Starlings in evening spectacular
Although we have a resident population of starlings, each winter millions of migrant birds arrive in the UK from as far away as Russia.
During the day the birds feed in our towns, as well as the countryside, but as night approaches they head for what are often traditional roost sites. It has been suggested that the birds will fly from a 30-mile radius to reach the roost and, as such, they don’t all arrive at once.
They start arriving between 3.30pm and 4pm, depending on the weather. As the first 20 or so arrive, they are quickly followed by several much larger flocks until the sky is covered with birds.
The main flock will wheel across the sky in one synchronised, twisting mass. As we watched, and photographed, more birds arrived until the sky was black with starlings; maybe 40,000-plus. A scene from Hitchcock’s film The Birds came to mind.
Each night is different. Sometimes the birds just fly back and forth covering a huge area of sky all around you, occasionally swooping down and skimming the ground before rising steeply again.
It’s only when a sparrowhawk or a peregrine falcon arrives, looking for what would on the face of it seem like an easy meal, that the flock will twist and turn, making unusual shapes as the birds try to avoid becoming supper to one of these predators. Some nights there are several species of raptors in attendance.
Even if you are not a true wildlife enthusiast, you cannot fail to be impressed by such an aerobatic display involving so many birds, apparently without collisions, silhouetted against an evening sky. Almost hypnotic, this type of gathering is known as a murmuration of starlings.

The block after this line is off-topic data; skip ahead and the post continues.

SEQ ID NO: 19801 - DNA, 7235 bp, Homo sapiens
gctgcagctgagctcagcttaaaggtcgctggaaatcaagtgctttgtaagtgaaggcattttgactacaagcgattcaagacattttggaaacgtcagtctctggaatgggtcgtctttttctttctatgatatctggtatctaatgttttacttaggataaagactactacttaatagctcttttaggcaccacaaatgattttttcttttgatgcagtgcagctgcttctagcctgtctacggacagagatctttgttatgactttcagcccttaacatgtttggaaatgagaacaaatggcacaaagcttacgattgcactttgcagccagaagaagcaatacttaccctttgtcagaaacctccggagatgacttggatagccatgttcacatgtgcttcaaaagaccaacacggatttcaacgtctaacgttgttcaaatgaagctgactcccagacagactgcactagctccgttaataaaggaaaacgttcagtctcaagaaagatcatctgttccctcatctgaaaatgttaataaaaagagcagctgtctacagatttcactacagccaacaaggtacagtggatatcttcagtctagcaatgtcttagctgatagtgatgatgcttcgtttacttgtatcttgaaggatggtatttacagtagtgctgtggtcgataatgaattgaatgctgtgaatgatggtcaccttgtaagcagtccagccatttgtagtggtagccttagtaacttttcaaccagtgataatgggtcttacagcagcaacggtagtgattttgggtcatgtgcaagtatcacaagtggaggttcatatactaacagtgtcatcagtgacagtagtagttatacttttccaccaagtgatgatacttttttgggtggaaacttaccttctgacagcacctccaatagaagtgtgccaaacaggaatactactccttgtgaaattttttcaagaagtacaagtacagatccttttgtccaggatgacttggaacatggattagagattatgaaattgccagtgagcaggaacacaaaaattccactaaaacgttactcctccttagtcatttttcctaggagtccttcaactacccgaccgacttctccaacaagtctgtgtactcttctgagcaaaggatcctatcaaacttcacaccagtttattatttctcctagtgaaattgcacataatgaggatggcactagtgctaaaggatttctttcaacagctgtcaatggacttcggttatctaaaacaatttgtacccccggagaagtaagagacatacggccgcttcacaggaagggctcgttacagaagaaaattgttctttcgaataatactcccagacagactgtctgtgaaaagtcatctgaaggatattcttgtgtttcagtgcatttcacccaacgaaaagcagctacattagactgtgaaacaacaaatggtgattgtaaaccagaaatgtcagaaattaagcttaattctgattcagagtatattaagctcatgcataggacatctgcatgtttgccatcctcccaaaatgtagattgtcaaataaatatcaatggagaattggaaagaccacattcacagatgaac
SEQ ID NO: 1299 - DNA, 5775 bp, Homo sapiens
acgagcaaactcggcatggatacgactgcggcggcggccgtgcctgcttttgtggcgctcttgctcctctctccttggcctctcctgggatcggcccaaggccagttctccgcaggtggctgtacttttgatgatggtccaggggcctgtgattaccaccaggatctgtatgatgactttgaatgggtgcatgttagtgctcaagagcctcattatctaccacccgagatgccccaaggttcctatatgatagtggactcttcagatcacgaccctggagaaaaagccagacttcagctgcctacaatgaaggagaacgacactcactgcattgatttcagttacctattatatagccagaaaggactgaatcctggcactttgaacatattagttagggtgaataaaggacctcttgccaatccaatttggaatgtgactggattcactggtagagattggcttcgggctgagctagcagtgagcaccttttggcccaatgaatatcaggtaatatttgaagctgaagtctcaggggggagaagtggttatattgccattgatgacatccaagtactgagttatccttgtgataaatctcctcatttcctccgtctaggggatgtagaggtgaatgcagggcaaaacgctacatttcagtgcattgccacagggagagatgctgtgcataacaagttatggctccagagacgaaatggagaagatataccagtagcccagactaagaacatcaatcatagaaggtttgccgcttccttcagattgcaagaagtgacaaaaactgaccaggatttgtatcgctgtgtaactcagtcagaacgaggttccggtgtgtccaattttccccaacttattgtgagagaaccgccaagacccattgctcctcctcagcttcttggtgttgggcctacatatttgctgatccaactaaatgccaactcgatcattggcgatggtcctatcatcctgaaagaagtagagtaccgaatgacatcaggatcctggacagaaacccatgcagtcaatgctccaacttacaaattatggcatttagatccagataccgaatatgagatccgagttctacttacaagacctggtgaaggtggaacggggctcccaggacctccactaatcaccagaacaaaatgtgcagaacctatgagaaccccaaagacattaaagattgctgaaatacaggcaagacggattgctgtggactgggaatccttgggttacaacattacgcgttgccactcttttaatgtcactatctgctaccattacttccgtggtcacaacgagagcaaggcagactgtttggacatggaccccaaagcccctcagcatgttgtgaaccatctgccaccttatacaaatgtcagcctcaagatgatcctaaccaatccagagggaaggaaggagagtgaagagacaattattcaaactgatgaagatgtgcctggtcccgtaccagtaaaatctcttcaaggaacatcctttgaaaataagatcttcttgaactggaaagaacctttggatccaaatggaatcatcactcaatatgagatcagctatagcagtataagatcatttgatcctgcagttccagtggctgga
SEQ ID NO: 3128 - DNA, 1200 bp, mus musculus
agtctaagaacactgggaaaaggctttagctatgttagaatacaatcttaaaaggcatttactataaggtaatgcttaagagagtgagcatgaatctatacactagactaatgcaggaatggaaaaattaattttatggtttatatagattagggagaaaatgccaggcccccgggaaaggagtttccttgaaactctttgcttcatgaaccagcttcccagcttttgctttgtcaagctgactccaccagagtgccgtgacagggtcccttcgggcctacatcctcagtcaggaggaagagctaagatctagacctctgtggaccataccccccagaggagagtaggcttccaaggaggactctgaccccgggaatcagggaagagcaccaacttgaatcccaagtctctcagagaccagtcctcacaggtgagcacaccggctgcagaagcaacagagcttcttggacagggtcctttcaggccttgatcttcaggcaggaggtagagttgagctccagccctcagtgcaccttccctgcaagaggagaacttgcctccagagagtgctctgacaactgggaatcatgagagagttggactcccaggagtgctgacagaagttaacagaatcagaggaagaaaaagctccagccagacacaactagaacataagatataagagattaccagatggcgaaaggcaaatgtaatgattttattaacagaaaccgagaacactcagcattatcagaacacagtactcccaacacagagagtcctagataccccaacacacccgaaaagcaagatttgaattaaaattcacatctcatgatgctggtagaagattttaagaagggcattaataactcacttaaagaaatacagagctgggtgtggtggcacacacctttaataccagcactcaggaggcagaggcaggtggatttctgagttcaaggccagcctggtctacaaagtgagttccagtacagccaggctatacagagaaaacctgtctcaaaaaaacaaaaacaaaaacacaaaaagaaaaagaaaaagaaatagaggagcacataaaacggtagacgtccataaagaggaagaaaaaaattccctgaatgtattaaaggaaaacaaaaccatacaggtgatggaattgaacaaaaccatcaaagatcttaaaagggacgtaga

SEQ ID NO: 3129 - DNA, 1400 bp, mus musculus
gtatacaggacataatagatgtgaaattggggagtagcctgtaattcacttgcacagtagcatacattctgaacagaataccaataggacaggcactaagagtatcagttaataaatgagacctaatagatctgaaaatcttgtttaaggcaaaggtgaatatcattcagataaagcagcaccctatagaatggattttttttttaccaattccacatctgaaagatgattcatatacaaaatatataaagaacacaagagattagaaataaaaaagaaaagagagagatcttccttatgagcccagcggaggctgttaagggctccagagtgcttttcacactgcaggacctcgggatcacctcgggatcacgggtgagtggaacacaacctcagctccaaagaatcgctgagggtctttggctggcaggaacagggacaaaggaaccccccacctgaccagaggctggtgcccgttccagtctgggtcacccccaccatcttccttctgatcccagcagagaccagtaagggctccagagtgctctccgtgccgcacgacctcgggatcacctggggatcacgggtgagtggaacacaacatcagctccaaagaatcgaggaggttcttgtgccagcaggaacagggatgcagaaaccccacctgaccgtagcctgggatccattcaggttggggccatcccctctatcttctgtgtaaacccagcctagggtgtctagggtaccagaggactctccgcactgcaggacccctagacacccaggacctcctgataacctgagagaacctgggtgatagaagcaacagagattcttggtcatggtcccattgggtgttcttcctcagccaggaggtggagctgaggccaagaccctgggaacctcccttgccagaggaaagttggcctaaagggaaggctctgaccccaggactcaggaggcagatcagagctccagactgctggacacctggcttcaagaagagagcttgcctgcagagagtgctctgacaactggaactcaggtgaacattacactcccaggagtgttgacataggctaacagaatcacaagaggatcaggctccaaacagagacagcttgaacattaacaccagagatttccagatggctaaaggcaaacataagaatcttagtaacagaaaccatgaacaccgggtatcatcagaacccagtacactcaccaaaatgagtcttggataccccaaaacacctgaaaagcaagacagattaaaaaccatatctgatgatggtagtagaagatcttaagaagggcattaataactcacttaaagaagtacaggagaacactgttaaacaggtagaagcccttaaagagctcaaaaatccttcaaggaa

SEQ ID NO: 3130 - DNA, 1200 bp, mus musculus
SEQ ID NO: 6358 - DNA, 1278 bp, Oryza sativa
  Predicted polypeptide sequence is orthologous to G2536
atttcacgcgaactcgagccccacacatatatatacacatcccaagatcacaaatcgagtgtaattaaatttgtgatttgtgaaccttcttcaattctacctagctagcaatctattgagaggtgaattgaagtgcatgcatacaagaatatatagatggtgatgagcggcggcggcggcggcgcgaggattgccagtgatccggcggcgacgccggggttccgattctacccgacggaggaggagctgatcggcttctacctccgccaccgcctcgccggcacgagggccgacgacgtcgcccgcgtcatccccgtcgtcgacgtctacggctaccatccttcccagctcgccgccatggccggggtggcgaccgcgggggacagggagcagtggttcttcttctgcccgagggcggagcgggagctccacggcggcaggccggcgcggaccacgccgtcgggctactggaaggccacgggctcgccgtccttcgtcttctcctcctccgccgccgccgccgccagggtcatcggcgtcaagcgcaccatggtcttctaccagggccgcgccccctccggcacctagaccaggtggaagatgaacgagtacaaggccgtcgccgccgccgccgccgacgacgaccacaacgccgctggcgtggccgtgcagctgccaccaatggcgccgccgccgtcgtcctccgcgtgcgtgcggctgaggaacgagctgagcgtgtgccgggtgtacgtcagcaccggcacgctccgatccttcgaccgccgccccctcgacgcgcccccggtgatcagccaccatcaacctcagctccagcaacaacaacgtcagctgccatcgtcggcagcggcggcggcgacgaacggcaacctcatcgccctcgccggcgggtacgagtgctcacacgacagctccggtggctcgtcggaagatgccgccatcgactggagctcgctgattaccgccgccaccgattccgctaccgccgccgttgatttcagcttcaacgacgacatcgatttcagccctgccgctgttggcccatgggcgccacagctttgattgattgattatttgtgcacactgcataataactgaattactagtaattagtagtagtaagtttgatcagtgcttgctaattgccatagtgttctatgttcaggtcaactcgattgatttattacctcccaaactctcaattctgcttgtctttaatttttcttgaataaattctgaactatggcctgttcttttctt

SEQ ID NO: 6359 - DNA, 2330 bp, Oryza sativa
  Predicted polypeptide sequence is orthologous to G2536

I don’t think anyone knows what finally triggers the first birds to head into what in our case was a reed bed, but once it’s made the trail of birds looks like water swirling down the plughole as they pour from the sky. Within minutes, the whole flock is in.
If it’s a still night and you listen carefully you may hear their chattering calls as they jostle for position in the reeds before they finally settle and everything is silent. Around 20 minutes from start to finish and the birds are all in for the night, although on most occasions – a bit like us humans – there are a few tail-end Charlies.
Starlings are birds with character but for some reason many people try to deter them from their bird tables, seeing them as noisy pests. Forget that attitude – starlings are tenacious and adaptable, beautifully marked and entertaining to watch.
Although their numbers increase in the winter as migrants arrive, our own population has crashed in recent years. Long-term monitoring by the British Trust for Ornithology shows numbers have fallen by 70 per cent in Britain since the mid-1970s, meaning they are now on the critical list of UK birds most at risk.
The decline is believed to be due to the loss of permanent pasture, increased use of farm chemicals and a shortage of food and nesting sites.
During the winter a starling will look quite spotty from a distance. These are not actually spots but light-coloured tips to the feathers. However, they have one final trick before spring arrives and the males start displaying to attract a mate.
They say a leopard can’t changes its spots but a starling can. By the time the breeding season comes around, most starlings will look very different, even without moulting any feathers.
The reason is because those spots are on the very tips of the feathers and are the bits that wear first which is why starlings look sleek and glossy in spring.
Murmuration Starlings near Castle Douglas.